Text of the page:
The results will be published on March 22 in the journal „Astronomy & Astrophysics“.

Galaxy clusters are the largest gravitationally bound structures in the universe. With a typical extent of about 10 million light years, i.e. 100 times the...

Im Focus: Tracing down linear ubiquitination

Researchers at the Goethe University Frankfurt, together with partners from the University of Tübingen in Germany and Queen Mary University as well as Francis Crick Institute from London (UK) have developed a novel technology to decipher the secret ubiquitin code.

Ubiquitin is a small protein that can be linked to other cellular proteins, thereby controlling and modulating their functions. The attachment occurs in many...

Im Focus: Perovskite edges can be tuned for optoelectronic performance

Layered 2D material improves efficiency for solar cells and LEDs

In the eternal search for next generation high-efficiency solar cells and LEDs, scientists at Los Alamos National Laboratory and their partners are creating...

Im Focus: Polymer-coated silicon nanosheets as alternative to graphene: A perfect team for nanoelectronics

Silicon nanosheets are thin, two-dimensional layers with exceptional optoelectronic properties very similar to those of graphene. Albeit, the nanosheets are less stable. Now researchers at the Technical University of Munich (TUM) have, for the first time ever, produced a composite material combining silicon nanosheets and a polymer that is both UV-resistant and easy to process. This brings the scientists a significant step closer to industrial applications like flexible displays and photosensors.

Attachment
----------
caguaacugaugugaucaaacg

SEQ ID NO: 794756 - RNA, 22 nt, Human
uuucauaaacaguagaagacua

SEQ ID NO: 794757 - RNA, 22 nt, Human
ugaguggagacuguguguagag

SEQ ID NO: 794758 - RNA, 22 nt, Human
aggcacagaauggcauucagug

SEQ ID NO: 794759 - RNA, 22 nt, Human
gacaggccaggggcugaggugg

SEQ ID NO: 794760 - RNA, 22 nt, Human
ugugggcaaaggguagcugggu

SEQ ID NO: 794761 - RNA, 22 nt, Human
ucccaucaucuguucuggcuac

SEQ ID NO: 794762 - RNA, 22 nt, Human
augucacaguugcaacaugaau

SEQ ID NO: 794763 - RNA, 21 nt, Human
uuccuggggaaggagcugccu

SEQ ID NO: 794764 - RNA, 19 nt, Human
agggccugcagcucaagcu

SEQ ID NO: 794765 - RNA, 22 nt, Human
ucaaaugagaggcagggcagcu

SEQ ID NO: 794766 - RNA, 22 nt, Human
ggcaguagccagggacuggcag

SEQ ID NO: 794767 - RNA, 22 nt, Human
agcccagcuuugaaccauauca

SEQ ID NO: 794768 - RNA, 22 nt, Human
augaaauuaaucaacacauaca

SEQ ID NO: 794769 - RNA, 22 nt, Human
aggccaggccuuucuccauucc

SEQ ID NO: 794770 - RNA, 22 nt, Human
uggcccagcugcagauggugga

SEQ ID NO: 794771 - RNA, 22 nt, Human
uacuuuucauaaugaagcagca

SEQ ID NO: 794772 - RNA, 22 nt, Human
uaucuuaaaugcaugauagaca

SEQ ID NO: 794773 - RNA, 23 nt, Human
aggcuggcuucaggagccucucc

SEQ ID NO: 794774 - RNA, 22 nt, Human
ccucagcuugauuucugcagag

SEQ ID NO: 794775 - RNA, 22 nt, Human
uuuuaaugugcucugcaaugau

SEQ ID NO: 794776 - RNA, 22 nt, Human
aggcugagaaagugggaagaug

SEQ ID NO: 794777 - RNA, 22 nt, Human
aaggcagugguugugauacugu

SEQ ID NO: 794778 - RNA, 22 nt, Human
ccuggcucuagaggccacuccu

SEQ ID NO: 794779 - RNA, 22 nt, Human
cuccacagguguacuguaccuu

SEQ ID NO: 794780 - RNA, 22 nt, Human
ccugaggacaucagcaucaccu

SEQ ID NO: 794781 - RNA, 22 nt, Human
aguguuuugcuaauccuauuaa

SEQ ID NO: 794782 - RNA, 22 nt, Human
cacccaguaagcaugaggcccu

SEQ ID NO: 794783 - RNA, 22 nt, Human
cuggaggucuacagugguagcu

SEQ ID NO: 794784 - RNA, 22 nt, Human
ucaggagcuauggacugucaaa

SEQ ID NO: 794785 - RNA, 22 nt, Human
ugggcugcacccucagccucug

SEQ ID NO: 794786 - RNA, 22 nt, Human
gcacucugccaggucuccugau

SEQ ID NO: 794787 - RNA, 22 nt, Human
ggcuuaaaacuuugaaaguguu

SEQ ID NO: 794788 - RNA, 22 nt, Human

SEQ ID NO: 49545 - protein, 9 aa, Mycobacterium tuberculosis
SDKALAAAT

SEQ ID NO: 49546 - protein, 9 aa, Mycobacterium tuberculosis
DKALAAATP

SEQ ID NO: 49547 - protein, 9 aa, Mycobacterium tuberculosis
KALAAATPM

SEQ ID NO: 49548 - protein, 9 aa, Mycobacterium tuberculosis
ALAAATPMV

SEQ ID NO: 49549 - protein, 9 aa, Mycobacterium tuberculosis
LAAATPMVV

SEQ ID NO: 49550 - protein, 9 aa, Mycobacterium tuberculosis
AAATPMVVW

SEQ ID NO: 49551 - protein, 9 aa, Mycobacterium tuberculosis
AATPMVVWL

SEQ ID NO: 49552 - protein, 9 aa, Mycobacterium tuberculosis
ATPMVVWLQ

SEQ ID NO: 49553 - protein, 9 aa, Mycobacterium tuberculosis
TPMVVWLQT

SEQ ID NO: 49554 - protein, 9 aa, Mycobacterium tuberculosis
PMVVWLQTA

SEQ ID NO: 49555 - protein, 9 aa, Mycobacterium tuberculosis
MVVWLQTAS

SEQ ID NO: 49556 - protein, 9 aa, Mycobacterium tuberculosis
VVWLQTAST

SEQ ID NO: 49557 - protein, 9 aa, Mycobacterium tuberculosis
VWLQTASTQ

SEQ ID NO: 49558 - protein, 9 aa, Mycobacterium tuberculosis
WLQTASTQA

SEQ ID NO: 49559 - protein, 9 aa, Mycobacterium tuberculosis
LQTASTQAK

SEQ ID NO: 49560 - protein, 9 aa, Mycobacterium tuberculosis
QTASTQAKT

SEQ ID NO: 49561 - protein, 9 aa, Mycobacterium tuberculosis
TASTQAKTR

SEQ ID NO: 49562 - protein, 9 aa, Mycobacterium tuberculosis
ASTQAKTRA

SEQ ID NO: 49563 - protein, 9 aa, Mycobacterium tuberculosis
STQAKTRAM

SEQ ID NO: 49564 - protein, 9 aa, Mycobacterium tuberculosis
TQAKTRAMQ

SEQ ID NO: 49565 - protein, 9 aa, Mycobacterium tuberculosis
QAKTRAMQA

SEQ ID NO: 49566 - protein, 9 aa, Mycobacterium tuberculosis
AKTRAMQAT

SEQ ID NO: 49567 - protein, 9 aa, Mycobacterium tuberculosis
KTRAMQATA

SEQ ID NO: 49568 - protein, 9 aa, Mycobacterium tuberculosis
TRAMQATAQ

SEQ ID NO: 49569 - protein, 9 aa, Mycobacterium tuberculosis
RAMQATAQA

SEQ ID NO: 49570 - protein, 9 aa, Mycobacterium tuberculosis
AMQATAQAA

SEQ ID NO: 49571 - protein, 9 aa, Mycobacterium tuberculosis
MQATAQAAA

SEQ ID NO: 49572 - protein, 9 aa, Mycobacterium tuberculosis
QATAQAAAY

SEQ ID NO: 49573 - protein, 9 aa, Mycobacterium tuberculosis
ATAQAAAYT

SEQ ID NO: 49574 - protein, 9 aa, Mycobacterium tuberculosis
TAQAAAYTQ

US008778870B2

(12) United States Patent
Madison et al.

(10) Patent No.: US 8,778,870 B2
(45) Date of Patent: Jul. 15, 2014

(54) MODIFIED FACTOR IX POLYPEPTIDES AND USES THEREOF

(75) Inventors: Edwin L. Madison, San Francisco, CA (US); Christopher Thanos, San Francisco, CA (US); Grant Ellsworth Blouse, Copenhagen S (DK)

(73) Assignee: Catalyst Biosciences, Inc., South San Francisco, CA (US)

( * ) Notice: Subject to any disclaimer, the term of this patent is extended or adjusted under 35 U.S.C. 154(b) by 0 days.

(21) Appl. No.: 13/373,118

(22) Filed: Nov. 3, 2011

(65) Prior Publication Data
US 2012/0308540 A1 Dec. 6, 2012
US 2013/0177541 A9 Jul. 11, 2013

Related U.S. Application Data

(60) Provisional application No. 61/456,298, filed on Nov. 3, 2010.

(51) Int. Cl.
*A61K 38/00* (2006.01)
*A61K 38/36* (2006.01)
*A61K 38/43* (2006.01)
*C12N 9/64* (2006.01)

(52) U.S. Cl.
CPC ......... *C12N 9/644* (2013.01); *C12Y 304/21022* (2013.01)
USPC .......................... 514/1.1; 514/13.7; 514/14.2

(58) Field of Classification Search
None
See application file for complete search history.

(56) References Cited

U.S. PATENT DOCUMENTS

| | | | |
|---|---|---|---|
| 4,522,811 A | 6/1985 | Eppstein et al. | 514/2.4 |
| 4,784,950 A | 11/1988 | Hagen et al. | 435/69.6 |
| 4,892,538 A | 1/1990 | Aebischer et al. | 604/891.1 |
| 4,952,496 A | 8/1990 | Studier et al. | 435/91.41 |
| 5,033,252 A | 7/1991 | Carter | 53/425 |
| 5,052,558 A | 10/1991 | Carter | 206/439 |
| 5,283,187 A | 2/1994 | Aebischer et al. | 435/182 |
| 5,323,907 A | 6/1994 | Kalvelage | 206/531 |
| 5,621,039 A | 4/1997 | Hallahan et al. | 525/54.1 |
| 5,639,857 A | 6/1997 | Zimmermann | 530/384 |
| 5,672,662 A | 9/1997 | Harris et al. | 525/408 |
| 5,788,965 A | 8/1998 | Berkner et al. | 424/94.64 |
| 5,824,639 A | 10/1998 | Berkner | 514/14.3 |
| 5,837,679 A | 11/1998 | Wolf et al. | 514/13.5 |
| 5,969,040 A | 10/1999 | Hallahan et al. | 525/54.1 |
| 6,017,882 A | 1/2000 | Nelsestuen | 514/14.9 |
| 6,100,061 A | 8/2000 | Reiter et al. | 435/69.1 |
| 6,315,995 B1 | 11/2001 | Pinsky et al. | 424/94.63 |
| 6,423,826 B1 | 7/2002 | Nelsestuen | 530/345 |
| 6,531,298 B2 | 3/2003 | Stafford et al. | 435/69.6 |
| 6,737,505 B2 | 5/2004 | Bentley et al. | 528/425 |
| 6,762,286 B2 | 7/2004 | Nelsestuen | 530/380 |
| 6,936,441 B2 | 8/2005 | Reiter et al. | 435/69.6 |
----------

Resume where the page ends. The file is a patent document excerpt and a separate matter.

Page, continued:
Silicon nanosheets are thin, two-dimensional layers with exceptional optoelectronic properties very similar to those of graphene. Albeit, the nanosheets are...

Im Focus: Researchers Imitate Molecular Crowding in Cells

Enzymes behave differently in a test tube compared with the molecular scrum of a living cell. Chemists from the University of Basel have now been able to simulate these confined natural conditions in artificial vesicles for the first time. As reported in the academic journal Small, the results are offering better insight into the development of nanoreactors and artificial organelles.

Enzymes behave differently in a test tube compared with the molecular scrum of a living cell. Chemists from the University of Basel have now been able to...

All Focus news of the innovation-report >>>

Anzeige

Anzeige

Event News

International Land Use Symposium ILUS 2017: Call for Abstracts and Registration open

20.03.2017 | Event News

CONNECT 2017: International congress on connective tissue

14.03.2017 | Event News

ICTM Conference: Turbine Construction between Big Data and Additive Manufacturing

07.03.2017 | Event News

 
Latest News

Pulverizing electronic waste is green, clean -- and cold

22.03.2017 | Materials Sciences

Astronomers hazard a ride in a 'drifting carousel' to understand pulsating stars

22.03.2017 | Physics and Astronomy

New gel-like coating beefs up the performance of lithium-sulfur batteries

22.03.2017 | Materials Sciences

VideoLinks
B2B-VideoLinks
More VideoLinks >>>